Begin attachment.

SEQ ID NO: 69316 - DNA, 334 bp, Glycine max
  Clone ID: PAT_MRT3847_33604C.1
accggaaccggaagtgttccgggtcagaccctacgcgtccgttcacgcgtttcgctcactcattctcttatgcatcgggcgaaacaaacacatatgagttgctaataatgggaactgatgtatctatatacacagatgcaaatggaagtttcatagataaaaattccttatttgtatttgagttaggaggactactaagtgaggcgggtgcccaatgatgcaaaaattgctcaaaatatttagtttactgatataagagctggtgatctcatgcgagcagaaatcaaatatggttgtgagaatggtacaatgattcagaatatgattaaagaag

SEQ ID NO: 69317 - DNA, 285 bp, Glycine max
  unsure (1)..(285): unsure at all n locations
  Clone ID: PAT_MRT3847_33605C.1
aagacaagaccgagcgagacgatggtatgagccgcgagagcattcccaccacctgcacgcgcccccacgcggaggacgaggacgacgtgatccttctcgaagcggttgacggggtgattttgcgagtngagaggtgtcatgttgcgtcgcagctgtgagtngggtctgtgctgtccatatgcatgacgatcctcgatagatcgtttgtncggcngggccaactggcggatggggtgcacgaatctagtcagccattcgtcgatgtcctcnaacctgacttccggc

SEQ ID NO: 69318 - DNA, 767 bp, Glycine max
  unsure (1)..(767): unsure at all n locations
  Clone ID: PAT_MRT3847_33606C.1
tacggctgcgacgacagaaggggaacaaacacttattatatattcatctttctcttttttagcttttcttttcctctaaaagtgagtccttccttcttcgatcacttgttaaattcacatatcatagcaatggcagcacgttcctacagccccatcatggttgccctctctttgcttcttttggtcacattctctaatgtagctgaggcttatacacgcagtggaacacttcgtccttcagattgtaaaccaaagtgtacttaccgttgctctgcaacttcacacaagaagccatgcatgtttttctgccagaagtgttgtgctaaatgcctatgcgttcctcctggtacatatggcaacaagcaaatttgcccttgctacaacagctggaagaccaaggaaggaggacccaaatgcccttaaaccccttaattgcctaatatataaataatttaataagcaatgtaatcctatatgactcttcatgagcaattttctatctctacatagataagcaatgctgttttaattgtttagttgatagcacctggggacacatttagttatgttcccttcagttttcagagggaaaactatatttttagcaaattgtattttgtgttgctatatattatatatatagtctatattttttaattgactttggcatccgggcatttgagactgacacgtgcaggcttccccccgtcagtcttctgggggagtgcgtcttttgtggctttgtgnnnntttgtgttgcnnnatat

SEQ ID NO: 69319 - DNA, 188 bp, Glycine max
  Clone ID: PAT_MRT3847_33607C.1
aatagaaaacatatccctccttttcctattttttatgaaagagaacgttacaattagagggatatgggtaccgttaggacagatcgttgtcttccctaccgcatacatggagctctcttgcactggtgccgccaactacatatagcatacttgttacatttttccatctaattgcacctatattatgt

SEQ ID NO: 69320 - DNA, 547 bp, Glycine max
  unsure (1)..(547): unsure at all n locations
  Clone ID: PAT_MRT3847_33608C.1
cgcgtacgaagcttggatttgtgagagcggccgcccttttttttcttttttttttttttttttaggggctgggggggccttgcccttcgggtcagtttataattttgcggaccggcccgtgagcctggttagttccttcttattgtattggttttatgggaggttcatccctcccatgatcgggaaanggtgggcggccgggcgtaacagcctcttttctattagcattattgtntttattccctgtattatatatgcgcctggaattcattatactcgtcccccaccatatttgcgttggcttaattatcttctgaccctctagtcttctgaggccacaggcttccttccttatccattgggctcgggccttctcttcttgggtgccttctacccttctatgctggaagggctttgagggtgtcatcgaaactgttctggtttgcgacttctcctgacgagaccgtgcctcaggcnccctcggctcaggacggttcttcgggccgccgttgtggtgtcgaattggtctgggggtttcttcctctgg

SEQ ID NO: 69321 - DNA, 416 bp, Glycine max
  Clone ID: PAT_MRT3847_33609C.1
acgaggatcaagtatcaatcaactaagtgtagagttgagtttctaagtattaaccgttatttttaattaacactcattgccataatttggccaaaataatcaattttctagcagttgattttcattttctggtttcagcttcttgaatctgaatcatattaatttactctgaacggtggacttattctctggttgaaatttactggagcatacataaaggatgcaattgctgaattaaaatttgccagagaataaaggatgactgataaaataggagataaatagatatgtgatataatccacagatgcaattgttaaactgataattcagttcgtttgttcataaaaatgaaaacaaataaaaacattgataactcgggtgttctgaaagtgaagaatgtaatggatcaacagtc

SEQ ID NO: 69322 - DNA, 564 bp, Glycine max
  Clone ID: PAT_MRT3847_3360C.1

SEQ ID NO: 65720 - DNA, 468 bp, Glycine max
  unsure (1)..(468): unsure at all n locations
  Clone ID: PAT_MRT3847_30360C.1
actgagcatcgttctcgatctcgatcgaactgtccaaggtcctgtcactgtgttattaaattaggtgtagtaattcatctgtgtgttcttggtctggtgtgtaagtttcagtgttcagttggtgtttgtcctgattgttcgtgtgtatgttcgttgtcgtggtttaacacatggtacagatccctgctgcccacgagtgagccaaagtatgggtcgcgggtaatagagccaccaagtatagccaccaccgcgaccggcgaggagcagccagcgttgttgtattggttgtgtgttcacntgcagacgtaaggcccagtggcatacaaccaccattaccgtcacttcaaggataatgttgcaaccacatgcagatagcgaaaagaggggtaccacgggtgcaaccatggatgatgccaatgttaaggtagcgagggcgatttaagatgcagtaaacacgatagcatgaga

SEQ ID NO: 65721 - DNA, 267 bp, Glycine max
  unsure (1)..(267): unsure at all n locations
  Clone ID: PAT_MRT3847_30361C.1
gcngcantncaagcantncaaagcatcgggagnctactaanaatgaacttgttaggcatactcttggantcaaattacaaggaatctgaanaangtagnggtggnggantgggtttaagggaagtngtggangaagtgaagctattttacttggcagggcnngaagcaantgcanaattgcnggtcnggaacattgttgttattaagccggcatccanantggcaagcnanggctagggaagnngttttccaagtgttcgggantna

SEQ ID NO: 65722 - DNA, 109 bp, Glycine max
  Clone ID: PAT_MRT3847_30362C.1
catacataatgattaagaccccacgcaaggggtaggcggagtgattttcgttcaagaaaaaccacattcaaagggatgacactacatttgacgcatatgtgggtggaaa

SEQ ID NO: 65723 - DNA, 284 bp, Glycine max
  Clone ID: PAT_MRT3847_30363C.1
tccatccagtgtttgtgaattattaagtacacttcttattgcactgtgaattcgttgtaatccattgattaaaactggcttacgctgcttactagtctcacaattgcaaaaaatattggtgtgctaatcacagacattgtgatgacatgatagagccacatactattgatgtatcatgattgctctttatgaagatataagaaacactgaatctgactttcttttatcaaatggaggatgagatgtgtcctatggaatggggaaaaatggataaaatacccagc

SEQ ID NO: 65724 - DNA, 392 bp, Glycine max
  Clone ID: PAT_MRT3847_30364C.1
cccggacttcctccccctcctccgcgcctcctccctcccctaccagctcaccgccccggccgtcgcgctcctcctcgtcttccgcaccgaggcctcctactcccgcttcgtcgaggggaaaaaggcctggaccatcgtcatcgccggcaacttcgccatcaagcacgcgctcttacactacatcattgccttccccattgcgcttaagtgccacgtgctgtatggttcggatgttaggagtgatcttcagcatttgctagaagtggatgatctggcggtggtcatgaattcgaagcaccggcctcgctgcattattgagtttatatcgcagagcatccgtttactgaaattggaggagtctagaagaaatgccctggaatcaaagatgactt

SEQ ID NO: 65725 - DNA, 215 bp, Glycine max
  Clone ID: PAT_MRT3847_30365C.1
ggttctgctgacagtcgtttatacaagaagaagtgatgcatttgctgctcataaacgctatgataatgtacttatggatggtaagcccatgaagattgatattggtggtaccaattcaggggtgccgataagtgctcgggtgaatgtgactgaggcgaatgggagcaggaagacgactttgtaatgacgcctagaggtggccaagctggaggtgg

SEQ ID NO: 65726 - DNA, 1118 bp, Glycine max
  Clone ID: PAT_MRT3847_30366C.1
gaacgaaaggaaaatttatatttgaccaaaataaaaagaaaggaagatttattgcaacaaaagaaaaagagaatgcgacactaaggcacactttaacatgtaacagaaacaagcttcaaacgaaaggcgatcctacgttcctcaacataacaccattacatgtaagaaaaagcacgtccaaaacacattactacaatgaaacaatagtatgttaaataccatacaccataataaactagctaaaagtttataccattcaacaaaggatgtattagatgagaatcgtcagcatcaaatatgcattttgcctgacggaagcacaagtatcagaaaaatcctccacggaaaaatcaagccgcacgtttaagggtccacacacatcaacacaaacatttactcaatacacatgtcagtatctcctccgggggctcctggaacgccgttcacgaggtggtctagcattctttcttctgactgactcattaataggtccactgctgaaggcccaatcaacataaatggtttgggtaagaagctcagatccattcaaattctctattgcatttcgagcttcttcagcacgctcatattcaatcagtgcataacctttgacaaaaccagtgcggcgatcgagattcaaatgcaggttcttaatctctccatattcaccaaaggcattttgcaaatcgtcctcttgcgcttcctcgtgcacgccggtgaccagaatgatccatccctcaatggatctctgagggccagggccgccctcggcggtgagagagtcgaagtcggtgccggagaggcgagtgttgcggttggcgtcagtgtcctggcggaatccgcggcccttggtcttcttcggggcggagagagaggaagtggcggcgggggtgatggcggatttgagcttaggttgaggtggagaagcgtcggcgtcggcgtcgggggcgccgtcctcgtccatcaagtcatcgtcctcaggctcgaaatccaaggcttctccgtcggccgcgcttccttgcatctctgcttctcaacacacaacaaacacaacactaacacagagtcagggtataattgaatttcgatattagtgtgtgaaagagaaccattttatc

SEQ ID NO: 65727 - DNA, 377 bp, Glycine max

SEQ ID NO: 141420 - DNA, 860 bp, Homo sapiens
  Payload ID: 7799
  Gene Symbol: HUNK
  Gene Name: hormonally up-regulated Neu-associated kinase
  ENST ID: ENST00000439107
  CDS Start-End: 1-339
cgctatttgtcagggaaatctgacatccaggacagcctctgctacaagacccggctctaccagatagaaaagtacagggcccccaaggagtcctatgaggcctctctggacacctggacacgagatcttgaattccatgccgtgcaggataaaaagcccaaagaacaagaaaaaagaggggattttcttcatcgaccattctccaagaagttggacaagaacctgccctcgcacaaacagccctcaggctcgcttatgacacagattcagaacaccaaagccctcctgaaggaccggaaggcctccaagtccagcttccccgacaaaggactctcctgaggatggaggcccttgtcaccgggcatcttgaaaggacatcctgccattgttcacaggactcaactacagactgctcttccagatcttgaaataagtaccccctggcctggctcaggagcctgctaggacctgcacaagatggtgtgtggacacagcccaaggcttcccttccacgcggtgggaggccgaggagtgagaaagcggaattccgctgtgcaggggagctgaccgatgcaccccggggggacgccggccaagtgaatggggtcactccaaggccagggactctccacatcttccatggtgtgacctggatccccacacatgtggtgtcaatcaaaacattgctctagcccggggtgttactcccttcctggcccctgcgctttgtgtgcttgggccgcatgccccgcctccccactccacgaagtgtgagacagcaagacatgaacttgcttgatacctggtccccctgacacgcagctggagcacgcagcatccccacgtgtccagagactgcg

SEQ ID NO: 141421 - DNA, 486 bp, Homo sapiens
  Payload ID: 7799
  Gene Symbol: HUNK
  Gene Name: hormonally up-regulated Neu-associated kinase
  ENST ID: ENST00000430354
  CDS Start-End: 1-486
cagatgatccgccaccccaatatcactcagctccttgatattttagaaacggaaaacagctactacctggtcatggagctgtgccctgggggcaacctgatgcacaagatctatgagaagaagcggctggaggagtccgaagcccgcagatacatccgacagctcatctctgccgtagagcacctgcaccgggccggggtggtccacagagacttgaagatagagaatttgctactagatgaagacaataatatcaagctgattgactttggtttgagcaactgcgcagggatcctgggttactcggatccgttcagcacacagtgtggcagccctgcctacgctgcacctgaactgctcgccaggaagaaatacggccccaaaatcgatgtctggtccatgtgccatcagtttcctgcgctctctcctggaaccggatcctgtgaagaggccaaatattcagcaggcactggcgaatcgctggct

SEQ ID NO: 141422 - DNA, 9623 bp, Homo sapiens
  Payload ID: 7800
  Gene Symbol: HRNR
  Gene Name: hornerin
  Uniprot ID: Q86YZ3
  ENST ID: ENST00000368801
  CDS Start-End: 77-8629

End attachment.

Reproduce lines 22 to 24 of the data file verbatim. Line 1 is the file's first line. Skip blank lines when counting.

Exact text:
SEQ ID NO: 69322 - DNA, 564 bp, Glycine max
  Clone ID: PAT_MRT3847_3360C.1

SEQ ID NO: 65720 - DNA, 468 bp, Glycine max